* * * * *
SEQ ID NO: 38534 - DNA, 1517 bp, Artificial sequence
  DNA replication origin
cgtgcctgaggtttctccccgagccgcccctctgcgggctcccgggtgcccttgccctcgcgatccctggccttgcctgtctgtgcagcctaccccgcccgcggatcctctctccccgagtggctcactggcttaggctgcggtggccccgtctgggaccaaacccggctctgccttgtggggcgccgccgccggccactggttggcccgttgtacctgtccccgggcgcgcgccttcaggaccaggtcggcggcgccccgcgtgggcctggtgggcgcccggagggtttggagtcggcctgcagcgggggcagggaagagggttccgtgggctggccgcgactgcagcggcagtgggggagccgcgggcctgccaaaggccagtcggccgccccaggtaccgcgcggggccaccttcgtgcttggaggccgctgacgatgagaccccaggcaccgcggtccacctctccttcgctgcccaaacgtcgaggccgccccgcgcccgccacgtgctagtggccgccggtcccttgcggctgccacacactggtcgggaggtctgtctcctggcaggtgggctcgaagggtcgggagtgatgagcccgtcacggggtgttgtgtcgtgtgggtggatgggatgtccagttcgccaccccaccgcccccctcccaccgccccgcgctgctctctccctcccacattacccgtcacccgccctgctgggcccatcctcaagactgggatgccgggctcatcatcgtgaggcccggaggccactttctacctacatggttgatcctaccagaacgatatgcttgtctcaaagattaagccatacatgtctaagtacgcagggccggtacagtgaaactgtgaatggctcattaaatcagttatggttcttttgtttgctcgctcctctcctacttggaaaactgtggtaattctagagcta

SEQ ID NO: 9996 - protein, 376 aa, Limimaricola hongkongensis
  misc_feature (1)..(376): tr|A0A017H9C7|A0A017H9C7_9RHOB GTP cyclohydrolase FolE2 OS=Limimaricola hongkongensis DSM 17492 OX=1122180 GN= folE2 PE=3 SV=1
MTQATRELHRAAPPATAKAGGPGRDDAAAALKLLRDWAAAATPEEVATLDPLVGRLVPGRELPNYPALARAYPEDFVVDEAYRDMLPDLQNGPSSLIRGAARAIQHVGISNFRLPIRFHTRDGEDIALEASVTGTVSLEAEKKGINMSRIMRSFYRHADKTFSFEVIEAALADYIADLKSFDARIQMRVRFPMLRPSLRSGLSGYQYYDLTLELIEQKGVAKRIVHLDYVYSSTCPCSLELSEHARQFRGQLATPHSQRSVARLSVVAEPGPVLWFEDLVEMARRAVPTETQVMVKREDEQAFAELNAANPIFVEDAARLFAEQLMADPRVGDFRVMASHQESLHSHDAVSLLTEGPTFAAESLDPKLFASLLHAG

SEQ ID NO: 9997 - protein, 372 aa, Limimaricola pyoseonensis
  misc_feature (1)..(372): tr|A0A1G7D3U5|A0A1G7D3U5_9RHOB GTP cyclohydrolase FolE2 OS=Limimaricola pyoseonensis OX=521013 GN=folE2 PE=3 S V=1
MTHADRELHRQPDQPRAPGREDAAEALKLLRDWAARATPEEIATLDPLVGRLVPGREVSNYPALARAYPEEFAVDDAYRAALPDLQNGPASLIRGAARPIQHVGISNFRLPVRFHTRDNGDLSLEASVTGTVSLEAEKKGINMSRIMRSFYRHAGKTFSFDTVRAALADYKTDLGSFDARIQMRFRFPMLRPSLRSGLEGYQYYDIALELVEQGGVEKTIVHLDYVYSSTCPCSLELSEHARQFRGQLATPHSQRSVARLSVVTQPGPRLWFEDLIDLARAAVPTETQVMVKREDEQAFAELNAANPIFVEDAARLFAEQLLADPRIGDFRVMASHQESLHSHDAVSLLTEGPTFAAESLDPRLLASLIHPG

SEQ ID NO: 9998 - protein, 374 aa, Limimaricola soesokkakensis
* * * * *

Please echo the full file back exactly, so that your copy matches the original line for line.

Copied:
SEQ ID NO: 38534 - DNA, 1517 bp, Artificial sequence
  DNA replication origin
cgtgcctgaggtttctccccgagccgcccctctgcgggctcccgggtgcccttgccctcgcgatccctggccttgcctgtctgtgcagcctaccccgcccgcggatcctctctccccgagtggctcactggcttaggctgcggtggccccgtctgggaccaaacccggctctgccttgtggggcgccgccgccggccactggttggcccgttgtacctgtccccgggcgcgcgccttcaggaccaggtcggcggcgccccgcgtgggcctggtgggcgcccggagggtttggagtcggcctgcagcgggggcagggaagagggttccgtgggctggccgcgactgcagcggcagtgggggagccgcgggcctgccaaaggccagtcggccgccccaggtaccgcgcggggccaccttcgtgcttggaggccgctgacgatgagaccccaggcaccgcggtccacctctccttcgctgcccaaacgtcgaggccgccccgcgcccgccacgtgctagtggccgccggtcccttgcggctgccacacactggtcgggaggtctgtctcctggcaggtgggctcgaagggtcgggagtgatgagcccgtcacggggtgttgtgtcgtgtgggtggatgggatgtccagttcgccaccccaccgcccccctcccaccgccccgcgctgctctctccctcccacattacccgtcacccgccctgctgggcccatcctcaagactgggatgccgggctcatcatcgtgaggcccggaggccactttctacctacatggttgatcctaccagaacgatatgcttgtctcaaagattaagccatacatgtctaagtacgcagggccggtacagtgaaactgtgaatggctcattaaatcagttatggttcttttgtttgctcgctcctctcctacttggaaaactgtggtaattctagagcta

SEQ ID NO: 9996 - protein, 376 aa, Limimaricola hongkongensis
  misc_feature (1)..(376): tr|A0A017H9C7|A0A017H9C7_9RHOB GTP cyclohydrolase FolE2 OS=Limimaricola hongkongensis DSM 17492 OX=1122180 GN= folE2 PE=3 SV=1
MTQATRELHRAAPPATAKAGGPGRDDAAAALKLLRDWAAAATPEEVATLDPLVGRLVPGRELPNYPALARAYPEDFVVDEAYRDMLPDLQNGPSSLIRGAARAIQHVGISNFRLPIRFHTRDGEDIALEASVTGTVSLEAEKKGINMSRIMRSFYRHADKTFSFEVIEAALADYIADLKSFDARIQMRVRFPMLRPSLRSGLSGYQYYDLTLELIEQKGVAKRIVHLDYVYSSTCPCSLELSEHARQFRGQLATPHSQRSVARLSVVAEPGPVLWFEDLVEMARRAVPTETQVMVKREDEQAFAELNAANPIFVEDAARLFAEQLMADPRVGDFRVMASHQESLHSHDAVSLLTEGPTFAAESLDPKLFASLLHAG

SEQ ID NO: 9997 - protein, 372 aa, Limimaricola pyoseonensis
  misc_feature (1)..(372): tr|A0A1G7D3U5|A0A1G7D3U5_9RHOB GTP cyclohydrolase FolE2 OS=Limimaricola pyoseonensis OX=521013 GN=folE2 PE=3 S V=1
MTHADRELHRQPDQPRAPGREDAAEALKLLRDWAARATPEEIATLDPLVGRLVPGREVSNYPALARAYPEEFAVDDAYRAALPDLQNGPASLIRGAARPIQHVGISNFRLPVRFHTRDNGDLSLEASVTGTVSLEAEKKGINMSRIMRSFYRHAGKTFSFDTVRAALADYKTDLGSFDARIQMRFRFPMLRPSLRSGLEGYQYYDIALELVEQGGVEKTIVHLDYVYSSTCPCSLELSEHARQFRGQLATPHSQRSVARLSVVTQPGPRLWFEDLIDLARAAVPTETQVMVKREDEQAFAELNAANPIFVEDAARLFAEQLLADPRIGDFRVMASHQESLHSHDAVSLLTEGPTFAAESLDPRLLASLIHPG

SEQ ID NO: 9998 - protein, 374 aa, Limimaricola soesokkakensis